Melbourne Jewish Book Week at King David
The Jewish people are known as “the People of the Book”. This designation is thought to have initially come from Islam where a separate status was given to those who were believed to have received and written down a prior revelation from God.
Over time, the term has become one by which Jews tend to self-identify. It has taken on two distinct meanings. One relates to the centrality of Torah; the other, relates to the profound relationship between Jews and literature.
The tradition of Jewish storytelling has been a central feature of flourishing Jewish communities. With this in mind, it has been a delight for our school to be involved in continuing this tradition.
This week, The King David School continued its fabulous collaboration with Melbourne Jewish Book Week to bring an outstanding range of opportunities for our students and community to immerse in the world of literature and to hear from a range of inspiring and talented writers.
In a public event, we hosted Jonathan Seidler, author of It’s a Shame About Ray. In conversation with our Wellbeing Program Coordinator, Chanie Stock, Jonathan discussed his powerful and moving memoir. The book addresses the heavy themes of mental health challenges, suicide, communal expectations and shame in a deeply intimate manner. The rich conversation explored these themes and gave insight into a text that is as heart warming as it is heartbreaking.
Our Year 4s delighted in a session with Australia’s former Chief Scientist, Alan Finkel AC. In a highly engaging and wide ranging conversation, Alan discussed his career path. He presented the key message “whatever you do, do it well!” He explained how he moved from studying Electrical Engineering to Neuroscience and then pivoted to business. He also explained his roles as Chancellor of Monash University and as Chief Scientist. Alan then discussed Climate Change and the important work that needs to be done in shifting to renewable energy. The students were engrossed and asked him a vast range of probing questions.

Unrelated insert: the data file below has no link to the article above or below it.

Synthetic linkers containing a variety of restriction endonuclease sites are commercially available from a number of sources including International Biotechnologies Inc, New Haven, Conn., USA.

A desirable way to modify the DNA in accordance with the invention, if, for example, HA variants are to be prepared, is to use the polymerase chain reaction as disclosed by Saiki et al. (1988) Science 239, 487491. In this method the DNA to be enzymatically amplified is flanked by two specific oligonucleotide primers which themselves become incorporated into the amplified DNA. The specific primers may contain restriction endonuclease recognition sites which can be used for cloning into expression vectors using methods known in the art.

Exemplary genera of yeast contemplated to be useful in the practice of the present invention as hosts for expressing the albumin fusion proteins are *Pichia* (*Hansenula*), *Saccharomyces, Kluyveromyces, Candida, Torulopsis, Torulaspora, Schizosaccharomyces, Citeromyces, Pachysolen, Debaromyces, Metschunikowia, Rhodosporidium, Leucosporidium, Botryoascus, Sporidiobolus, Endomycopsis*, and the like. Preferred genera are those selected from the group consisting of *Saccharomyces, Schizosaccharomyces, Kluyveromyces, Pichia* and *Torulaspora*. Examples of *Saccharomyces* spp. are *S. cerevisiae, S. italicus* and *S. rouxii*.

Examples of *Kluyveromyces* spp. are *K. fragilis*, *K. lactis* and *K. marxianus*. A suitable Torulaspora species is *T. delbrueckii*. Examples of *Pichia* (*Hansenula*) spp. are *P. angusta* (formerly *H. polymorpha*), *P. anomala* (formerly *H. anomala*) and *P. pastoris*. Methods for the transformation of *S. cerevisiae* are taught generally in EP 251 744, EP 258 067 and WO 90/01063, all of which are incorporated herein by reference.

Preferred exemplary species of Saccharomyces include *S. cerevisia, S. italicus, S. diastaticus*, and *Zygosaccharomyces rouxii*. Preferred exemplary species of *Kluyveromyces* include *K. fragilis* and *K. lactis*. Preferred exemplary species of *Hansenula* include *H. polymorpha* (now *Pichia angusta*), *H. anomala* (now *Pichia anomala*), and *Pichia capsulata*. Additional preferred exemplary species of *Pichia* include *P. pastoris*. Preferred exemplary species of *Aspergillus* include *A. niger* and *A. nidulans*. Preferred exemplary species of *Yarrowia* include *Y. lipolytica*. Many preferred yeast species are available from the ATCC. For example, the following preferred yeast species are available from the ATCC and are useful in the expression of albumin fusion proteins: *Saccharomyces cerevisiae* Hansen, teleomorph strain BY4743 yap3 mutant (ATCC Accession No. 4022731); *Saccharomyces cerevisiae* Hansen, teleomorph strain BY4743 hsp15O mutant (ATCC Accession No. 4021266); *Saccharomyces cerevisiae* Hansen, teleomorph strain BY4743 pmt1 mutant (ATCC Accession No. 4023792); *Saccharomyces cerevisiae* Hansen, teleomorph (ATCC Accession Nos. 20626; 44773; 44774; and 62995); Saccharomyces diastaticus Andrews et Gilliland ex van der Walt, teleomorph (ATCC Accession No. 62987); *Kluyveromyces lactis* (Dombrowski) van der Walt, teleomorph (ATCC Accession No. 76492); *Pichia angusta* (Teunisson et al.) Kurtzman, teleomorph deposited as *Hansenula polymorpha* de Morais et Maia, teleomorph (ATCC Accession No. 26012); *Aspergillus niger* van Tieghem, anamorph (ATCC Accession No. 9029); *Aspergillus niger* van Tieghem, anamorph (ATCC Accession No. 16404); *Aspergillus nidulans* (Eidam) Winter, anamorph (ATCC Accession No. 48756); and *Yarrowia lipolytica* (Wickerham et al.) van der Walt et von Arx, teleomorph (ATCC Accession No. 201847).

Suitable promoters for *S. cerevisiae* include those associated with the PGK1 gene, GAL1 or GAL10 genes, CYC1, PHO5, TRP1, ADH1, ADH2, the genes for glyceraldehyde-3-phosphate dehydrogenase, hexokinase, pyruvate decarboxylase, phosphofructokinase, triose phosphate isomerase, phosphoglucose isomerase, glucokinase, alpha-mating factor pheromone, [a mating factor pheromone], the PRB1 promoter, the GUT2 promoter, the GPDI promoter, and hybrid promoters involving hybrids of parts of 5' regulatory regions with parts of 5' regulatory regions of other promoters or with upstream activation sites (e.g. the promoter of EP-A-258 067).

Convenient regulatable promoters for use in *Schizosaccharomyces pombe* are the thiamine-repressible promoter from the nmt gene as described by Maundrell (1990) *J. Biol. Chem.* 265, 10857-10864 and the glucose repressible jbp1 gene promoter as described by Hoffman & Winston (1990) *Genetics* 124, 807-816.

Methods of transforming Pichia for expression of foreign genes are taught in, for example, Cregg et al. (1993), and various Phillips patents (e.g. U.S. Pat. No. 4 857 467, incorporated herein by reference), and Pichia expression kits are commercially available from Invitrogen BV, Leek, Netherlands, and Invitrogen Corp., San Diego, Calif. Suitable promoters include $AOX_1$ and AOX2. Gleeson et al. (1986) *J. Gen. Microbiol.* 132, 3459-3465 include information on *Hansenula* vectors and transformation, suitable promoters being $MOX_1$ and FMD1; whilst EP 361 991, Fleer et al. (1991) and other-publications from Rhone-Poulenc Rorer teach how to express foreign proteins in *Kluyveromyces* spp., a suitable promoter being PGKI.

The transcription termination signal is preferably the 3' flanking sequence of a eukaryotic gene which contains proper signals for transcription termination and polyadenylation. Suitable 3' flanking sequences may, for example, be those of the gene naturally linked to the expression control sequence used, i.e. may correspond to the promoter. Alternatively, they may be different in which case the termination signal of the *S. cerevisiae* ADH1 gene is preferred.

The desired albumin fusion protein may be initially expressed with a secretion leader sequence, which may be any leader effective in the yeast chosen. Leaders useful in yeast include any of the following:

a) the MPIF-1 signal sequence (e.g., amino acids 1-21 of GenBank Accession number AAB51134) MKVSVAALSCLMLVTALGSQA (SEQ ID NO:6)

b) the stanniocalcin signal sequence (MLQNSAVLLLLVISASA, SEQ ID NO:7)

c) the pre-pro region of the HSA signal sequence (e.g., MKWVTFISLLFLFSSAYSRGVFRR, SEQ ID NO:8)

Our Yr 5s met with the hugely accomplished graphic novelist, Nicki Greenberg. Our students delighted in understanding the way that Nicki develops and builds her characters, settings and stories in this fascinating genre.
Year 8 had the great privilege of a deeply personal talk from novelist Suzy Zail. Suzy told of how her father only shared his Holocaust survival story with her upon discovering that he had a terminal illness. She devoted the remaining time she had with him to really getting to know him and learning about his experiences. Upon his deathbed, she promised him that she would write his story and this led her to the world of literature where she tries to use her talents to tell important stories which are anchored in social justice.
Our Years 9 and 10 students joined with the same year levels from Bialik College and Leibler Yavneh College when we hosted the keynote of Melbourne Jewish Book Week, Arnold Zable. Arnold gave a mesmerising and lyrical presentation which articulated his journey to becoming an author and the sense of purpose he finds through writing. He described growing up in a Yiddish house in Carlton and how this shaped his identity. He also described his personal journey across Europe where he explored his family’s history.
He said that the heart and soul of what he does as a writer and an activist is to listen. He also said that “to be a writer is to sit with joy and darkness and to be able to walk in another’s shoes.” He demonstrated how he did this by sharing his learnings from among Australia’s First Nations communities and in his work giving voice to asylum seekers.
Our Year 12s benefitted from a rare opportunity to meet the author of a text that they are studying. Steve Amsterdam spoke about his novel Things We Didn’t See Coming. Steve began his presentation by exploring the philosophy of semiotician Roland Barthes, who provocatively stated that “the author is dead”, explaining that once a text has been released the authorial intention is no longer relevant and it is the readership who will make meaning. In demonstrating this point, Steve said that when his novel was first selected for the VCE reading list, he read the series of questions that students were asked to answer in an exam. He said that he could not have answered any of them.
Nonetheless, in a thoughtful and humble presentation, Amsterdam explained the genesis of his characters and what he was trying to achieve. He said that in writing he “applies pressure to characters to see what they would do.”
Melbourne Jewish Book Week is to be congratulated on the excellent program that they have put together and the incredibly enriching experiences they provided for our students and wider community.